As the world observes World Suicide Prevention Day, psychiatrist Dr Varma Deyalsingh says depression rates among children and young adults are on the rise.
Speaking on CNC3’s The Morning Brew, Deyalsingh said in addition to the stresses of schooling and socialisation, youngsters now have to cope with a pandemic that has ground the world to a halt.
“We would never know what is playing in their minds, whether its exams or a girlfriend or they could figure what is the sense of living in this world when COVID is going to stagnate the world? We don’t know what is going on in these children’s minds and we have found there is an increase in suicides in the younger population,” Deyalsingh said.
He said the issue that now arises is how to get through to those youngsters.
“I want to plead with the Ministry of Education to have some sort of depression assessment for our young children because I think if you can pick it up early, from SEA onwards, you could pick it up and get those kids into children support system, we could comfort them and give them the support they need to face the challenges in the world,” he said.
But youngsters are not the only demographic prone to suicide stemming from depression. Deyalsingh said with the uncertainty of the pandemic and job losses as global markets suffer the impacts of the pandemic, adults are also battling depression.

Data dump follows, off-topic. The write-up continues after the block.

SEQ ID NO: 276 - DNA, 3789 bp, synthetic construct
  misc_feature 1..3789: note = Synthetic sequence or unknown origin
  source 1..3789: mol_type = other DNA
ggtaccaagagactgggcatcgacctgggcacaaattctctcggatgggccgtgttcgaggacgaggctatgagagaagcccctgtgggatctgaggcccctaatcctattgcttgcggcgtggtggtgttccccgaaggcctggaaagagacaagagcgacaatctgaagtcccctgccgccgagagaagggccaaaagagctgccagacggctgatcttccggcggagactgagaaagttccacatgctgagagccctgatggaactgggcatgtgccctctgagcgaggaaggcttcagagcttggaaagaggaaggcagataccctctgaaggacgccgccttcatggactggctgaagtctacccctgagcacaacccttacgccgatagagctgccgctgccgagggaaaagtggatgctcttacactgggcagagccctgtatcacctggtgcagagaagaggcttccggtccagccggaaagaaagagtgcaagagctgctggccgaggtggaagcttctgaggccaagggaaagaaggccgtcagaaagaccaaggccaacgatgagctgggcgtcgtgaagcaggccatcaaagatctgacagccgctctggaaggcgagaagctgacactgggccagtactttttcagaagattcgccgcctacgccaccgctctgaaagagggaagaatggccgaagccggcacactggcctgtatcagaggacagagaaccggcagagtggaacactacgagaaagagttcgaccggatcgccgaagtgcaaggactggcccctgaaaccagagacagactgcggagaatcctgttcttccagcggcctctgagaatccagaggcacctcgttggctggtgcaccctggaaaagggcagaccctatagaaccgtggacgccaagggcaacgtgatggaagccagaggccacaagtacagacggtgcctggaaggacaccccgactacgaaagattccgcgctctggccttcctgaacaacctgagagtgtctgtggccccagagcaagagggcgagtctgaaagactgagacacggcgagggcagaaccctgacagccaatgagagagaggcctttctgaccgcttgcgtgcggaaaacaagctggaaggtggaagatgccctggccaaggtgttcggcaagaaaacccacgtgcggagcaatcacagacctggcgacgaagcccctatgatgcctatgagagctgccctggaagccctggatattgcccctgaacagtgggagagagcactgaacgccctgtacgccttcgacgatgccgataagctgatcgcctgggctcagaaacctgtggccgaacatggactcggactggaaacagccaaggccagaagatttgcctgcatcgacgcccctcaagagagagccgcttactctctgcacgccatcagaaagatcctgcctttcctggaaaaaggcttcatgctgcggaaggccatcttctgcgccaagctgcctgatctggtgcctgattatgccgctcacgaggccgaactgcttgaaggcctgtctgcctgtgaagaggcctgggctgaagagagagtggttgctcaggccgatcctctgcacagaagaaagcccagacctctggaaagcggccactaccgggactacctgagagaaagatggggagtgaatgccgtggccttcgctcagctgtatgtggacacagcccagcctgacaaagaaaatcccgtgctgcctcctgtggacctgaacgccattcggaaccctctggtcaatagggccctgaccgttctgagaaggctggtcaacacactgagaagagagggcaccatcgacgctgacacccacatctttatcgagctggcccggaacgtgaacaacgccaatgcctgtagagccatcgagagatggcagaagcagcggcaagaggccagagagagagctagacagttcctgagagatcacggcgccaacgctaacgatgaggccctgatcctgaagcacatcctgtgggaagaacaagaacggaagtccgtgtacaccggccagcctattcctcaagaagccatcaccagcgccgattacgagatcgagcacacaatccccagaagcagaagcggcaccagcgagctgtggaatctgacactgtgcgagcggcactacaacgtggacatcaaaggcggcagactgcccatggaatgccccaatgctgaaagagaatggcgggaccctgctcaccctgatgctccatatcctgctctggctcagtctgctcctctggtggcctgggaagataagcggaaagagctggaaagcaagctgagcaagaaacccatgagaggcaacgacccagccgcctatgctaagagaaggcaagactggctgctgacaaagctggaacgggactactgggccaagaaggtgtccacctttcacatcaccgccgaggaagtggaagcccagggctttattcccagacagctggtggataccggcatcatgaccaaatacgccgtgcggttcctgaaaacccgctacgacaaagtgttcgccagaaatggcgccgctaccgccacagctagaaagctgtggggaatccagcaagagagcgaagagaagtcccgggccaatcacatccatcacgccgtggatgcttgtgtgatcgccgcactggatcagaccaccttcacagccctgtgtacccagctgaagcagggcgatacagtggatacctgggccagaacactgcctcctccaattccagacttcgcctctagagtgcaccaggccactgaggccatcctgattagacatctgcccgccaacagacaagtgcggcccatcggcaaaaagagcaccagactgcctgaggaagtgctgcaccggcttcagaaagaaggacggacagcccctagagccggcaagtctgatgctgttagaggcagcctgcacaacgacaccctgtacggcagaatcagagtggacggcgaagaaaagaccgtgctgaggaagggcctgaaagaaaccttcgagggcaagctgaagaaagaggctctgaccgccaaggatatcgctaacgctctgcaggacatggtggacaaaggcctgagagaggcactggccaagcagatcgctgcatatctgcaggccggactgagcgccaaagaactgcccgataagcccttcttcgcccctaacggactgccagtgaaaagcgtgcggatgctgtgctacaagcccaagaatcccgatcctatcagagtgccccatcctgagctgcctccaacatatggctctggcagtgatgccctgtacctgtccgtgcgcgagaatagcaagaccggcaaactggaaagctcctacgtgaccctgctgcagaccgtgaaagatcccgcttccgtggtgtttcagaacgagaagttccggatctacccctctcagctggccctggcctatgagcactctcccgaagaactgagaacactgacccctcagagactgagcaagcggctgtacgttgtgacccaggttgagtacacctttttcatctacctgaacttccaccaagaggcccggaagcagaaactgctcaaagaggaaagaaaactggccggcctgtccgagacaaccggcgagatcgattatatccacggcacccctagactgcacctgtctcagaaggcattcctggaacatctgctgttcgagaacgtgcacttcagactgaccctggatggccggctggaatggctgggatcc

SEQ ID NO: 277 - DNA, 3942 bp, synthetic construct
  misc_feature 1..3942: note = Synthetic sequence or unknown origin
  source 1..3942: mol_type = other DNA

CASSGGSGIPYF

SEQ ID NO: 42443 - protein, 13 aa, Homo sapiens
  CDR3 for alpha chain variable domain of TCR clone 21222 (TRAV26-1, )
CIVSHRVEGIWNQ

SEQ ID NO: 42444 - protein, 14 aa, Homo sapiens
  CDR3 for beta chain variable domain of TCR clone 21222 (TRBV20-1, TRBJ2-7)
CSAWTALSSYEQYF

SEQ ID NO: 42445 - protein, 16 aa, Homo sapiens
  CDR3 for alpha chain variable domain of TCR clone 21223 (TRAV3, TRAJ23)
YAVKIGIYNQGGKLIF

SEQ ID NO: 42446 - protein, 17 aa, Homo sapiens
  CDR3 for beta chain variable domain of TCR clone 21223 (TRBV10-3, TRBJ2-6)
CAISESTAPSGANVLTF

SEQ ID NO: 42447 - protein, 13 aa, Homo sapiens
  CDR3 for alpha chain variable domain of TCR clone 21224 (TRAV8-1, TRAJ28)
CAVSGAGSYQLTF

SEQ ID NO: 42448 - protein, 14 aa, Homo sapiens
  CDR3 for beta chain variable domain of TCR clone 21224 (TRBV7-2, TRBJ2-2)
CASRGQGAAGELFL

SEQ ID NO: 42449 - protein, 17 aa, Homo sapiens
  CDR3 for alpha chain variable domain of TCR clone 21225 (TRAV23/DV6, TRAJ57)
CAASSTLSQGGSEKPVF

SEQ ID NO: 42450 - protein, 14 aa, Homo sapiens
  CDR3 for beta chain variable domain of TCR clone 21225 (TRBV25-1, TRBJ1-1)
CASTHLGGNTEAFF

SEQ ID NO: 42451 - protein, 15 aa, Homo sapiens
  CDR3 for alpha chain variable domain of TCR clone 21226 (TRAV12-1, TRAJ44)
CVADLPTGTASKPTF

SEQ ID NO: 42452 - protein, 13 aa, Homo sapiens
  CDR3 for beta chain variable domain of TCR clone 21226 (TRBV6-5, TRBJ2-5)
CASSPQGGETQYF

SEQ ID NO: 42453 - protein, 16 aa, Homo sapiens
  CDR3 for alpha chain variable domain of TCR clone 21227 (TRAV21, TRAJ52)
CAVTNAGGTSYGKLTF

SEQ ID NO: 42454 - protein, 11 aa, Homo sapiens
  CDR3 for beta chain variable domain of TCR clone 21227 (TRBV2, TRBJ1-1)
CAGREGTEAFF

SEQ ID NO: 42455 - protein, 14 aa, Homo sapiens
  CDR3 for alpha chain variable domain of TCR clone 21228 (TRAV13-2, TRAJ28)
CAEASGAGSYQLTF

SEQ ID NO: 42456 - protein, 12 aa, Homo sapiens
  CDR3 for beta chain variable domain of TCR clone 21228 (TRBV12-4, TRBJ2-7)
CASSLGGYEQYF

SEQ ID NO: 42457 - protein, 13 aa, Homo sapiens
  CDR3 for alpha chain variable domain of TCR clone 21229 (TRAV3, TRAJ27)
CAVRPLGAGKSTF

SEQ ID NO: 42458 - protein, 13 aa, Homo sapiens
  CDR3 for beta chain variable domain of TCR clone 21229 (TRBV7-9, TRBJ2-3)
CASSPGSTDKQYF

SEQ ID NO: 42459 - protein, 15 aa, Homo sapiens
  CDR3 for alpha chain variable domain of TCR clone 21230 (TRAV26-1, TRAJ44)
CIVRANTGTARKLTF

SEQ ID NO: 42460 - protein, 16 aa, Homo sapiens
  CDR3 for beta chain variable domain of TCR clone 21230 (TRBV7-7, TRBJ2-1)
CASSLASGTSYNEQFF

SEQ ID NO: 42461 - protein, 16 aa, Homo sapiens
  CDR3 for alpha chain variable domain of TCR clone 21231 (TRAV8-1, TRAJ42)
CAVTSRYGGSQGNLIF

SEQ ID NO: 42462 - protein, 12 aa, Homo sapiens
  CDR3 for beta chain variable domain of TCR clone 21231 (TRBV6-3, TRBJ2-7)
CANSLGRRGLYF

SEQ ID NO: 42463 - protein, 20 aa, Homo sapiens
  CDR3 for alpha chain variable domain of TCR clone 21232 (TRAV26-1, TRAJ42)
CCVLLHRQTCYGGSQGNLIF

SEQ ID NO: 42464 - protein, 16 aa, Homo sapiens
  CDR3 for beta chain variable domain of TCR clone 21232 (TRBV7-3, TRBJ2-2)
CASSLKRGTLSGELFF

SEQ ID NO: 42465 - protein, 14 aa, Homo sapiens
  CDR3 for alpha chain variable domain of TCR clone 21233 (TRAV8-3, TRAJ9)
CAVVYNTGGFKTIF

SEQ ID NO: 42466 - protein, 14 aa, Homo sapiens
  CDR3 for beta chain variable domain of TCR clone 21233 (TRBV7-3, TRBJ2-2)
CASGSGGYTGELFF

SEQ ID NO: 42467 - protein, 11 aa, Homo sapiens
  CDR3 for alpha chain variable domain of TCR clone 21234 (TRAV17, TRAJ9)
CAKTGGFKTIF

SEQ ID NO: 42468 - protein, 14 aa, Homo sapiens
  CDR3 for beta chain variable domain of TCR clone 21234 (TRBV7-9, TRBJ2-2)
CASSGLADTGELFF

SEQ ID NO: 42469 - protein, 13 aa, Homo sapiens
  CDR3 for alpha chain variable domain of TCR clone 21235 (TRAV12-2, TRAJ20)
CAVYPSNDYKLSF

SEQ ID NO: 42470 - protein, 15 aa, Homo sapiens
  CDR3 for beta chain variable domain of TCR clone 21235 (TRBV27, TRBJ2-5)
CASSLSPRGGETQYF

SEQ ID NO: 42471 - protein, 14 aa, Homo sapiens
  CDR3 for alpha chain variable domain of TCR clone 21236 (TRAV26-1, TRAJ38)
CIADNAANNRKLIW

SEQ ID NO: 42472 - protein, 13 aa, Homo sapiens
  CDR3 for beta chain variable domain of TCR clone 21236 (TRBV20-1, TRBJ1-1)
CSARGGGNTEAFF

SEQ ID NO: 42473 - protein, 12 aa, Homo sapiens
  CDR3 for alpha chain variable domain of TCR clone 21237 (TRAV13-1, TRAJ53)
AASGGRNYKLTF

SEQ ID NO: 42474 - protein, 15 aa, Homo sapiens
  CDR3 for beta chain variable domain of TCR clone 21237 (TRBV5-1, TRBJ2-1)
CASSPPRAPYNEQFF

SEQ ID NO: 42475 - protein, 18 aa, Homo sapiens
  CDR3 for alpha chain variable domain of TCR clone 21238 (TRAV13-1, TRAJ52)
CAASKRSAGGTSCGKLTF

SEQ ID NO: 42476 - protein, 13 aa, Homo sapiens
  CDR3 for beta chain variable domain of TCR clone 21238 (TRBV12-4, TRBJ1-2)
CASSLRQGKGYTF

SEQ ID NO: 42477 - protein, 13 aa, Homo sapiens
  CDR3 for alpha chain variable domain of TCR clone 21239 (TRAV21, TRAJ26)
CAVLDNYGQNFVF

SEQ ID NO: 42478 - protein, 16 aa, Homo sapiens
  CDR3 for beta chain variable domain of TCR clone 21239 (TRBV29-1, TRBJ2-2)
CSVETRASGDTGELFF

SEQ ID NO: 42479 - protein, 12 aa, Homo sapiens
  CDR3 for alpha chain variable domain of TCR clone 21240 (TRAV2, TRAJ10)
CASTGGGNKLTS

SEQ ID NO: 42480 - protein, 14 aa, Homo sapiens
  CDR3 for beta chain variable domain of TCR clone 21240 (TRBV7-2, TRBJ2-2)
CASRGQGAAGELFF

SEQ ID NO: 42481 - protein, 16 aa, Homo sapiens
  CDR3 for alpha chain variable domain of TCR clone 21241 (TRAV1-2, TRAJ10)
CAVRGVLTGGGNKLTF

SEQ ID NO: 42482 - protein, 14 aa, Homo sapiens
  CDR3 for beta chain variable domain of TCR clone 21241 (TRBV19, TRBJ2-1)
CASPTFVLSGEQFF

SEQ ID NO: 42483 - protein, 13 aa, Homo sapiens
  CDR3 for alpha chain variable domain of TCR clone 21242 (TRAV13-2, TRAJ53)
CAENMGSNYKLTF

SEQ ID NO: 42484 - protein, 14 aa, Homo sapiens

He said part of the awareness campaign to prevent suicide is to have relatives and friends take heed of when their loved one becomes withdrawn or shows any signs of severe depression.
Those signs include feelings of sadness, emptiness or hopelessness, loss of interest in daily life or things they would have previously enjoyed, sleep disturbances, tiredness and lack of energy, reduced appetite and weight loss or increased appetite and weight gain, anxiety, restlessness, slow or lethargic responses, difficulty concentrating and/or unexplained physical problems, such as persistent headaches or pains.
Deyalsingh said the pandemic has increased depression rates around the world.
He said consideration should be given to creating free spaces in communities where those suffering from mental health issues can seek guidance. He said those spaces should be manned by retired mental health professionals, who he suggested could be paid a small stipend by the Ministry of Health.
If you or someone you know is suffering from depression and having suicidal thoughts, please contact Lifeline, a 24-hour hotline, at 800-5588, 866-5433 or 220-3636 and seek help.